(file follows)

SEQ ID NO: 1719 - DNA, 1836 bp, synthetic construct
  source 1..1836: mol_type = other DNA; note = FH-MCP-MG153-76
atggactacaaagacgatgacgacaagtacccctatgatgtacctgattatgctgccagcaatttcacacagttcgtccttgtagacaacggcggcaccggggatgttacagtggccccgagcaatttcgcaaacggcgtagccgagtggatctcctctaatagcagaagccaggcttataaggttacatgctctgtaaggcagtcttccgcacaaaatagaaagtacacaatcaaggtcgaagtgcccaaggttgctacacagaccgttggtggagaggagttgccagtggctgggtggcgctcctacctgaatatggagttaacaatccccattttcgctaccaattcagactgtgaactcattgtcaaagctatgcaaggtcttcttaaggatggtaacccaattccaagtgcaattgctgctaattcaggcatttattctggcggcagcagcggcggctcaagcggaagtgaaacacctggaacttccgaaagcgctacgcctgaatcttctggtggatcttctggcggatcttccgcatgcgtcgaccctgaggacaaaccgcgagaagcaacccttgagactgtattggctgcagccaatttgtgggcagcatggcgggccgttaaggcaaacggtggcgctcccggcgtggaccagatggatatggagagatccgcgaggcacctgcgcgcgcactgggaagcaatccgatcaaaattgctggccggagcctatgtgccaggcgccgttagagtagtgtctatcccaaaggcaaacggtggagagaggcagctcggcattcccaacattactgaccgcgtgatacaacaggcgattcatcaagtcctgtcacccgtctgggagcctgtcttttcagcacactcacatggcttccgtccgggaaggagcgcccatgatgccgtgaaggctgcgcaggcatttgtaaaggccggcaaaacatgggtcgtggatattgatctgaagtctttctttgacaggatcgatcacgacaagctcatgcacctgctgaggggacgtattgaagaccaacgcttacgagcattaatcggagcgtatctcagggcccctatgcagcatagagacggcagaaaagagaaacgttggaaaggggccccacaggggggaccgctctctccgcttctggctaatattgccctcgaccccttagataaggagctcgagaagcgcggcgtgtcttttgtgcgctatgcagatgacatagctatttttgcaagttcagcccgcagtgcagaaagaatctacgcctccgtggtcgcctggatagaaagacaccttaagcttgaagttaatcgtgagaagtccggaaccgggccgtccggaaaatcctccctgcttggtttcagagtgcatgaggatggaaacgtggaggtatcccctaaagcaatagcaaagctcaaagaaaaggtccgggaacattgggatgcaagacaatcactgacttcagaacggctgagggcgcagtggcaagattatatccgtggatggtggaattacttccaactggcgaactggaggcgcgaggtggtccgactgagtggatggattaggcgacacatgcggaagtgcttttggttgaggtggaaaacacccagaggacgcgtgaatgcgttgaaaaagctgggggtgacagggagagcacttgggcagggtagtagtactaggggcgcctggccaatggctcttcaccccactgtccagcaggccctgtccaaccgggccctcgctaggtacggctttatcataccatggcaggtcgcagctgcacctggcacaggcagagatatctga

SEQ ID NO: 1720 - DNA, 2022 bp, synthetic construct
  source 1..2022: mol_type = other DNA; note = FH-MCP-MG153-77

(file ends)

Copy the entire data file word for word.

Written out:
SEQ ID NO: 1719 - DNA, 1836 bp, synthetic construct
  source 1..1836: mol_type = other DNA; note = FH-MCP-MG153-76
atggactacaaagacgatgacgacaagtacccctatgatgtacctgattatgctgccagcaatttcacacagttcgtccttgtagacaacggcggcaccggggatgttacagtggccccgagcaatttcgcaaacggcgtagccgagtggatctcctctaatagcagaagccaggcttataaggttacatgctctgtaaggcagtcttccgcacaaaatagaaagtacacaatcaaggtcgaagtgcccaaggttgctacacagaccgttggtggagaggagttgccagtggctgggtggcgctcctacctgaatatggagttaacaatccccattttcgctaccaattcagactgtgaactcattgtcaaagctatgcaaggtcttcttaaggatggtaacccaattccaagtgcaattgctgctaattcaggcatttattctggcggcagcagcggcggctcaagcggaagtgaaacacctggaacttccgaaagcgctacgcctgaatcttctggtggatcttctggcggatcttccgcatgcgtcgaccctgaggacaaaccgcgagaagcaacccttgagactgtattggctgcagccaatttgtgggcagcatggcgggccgttaaggcaaacggtggcgctcccggcgtggaccagatggatatggagagatccgcgaggcacctgcgcgcgcactgggaagcaatccgatcaaaattgctggccggagcctatgtgccaggcgccgttagagtagtgtctatcccaaaggcaaacggtggagagaggcagctcggcattcccaacattactgaccgcgtgatacaacaggcgattcatcaagtcctgtcacccgtctgggagcctgtcttttcagcacactcacatggcttccgtccgggaaggagcgcccatgatgccgtgaaggctgcgcaggcatttgtaaaggccggcaaaacatgggtcgtggatattgatctgaagtctttctttgacaggatcgatcacgacaagctcatgcacctgctgaggggacgtattgaagaccaacgcttacgagcattaatcggagcgtatctcagggcccctatgcagcatagagacggcagaaaagagaaacgttggaaaggggccccacaggggggaccgctctctccgcttctggctaatattgccctcgaccccttagataaggagctcgagaagcgcggcgtgtcttttgtgcgctatgcagatgacatagctatttttgcaagttcagcccgcagtgcagaaagaatctacgcctccgtggtcgcctggatagaaagacaccttaagcttgaagttaatcgtgagaagtccggaaccgggccgtccggaaaatcctccctgcttggtttcagagtgcatgaggatggaaacgtggaggtatcccctaaagcaatagcaaagctcaaagaaaaggtccgggaacattgggatgcaagacaatcactgacttcagaacggctgagggcgcagtggcaagattatatccgtggatggtggaattacttccaactggcgaactggaggcgcgaggtggtccgactgagtggatggattaggcgacacatgcggaagtgcttttggttgaggtggaaaacacccagaggacgcgtgaatgcgttgaaaaagctgggggtgacagggagagcacttgggcagggtagtagtactaggggcgcctggccaatggctcttcaccccactgtccagcaggccctgtccaaccgggccctcgctaggtacggctttatcataccatggcaggtcgcagctgcacctggcacaggcagagatatctga

SEQ ID NO: 1720 - DNA, 2022 bp, synthetic construct
  source 1..2022: mol_type = other DNA; note = FH-MCP-MG153-77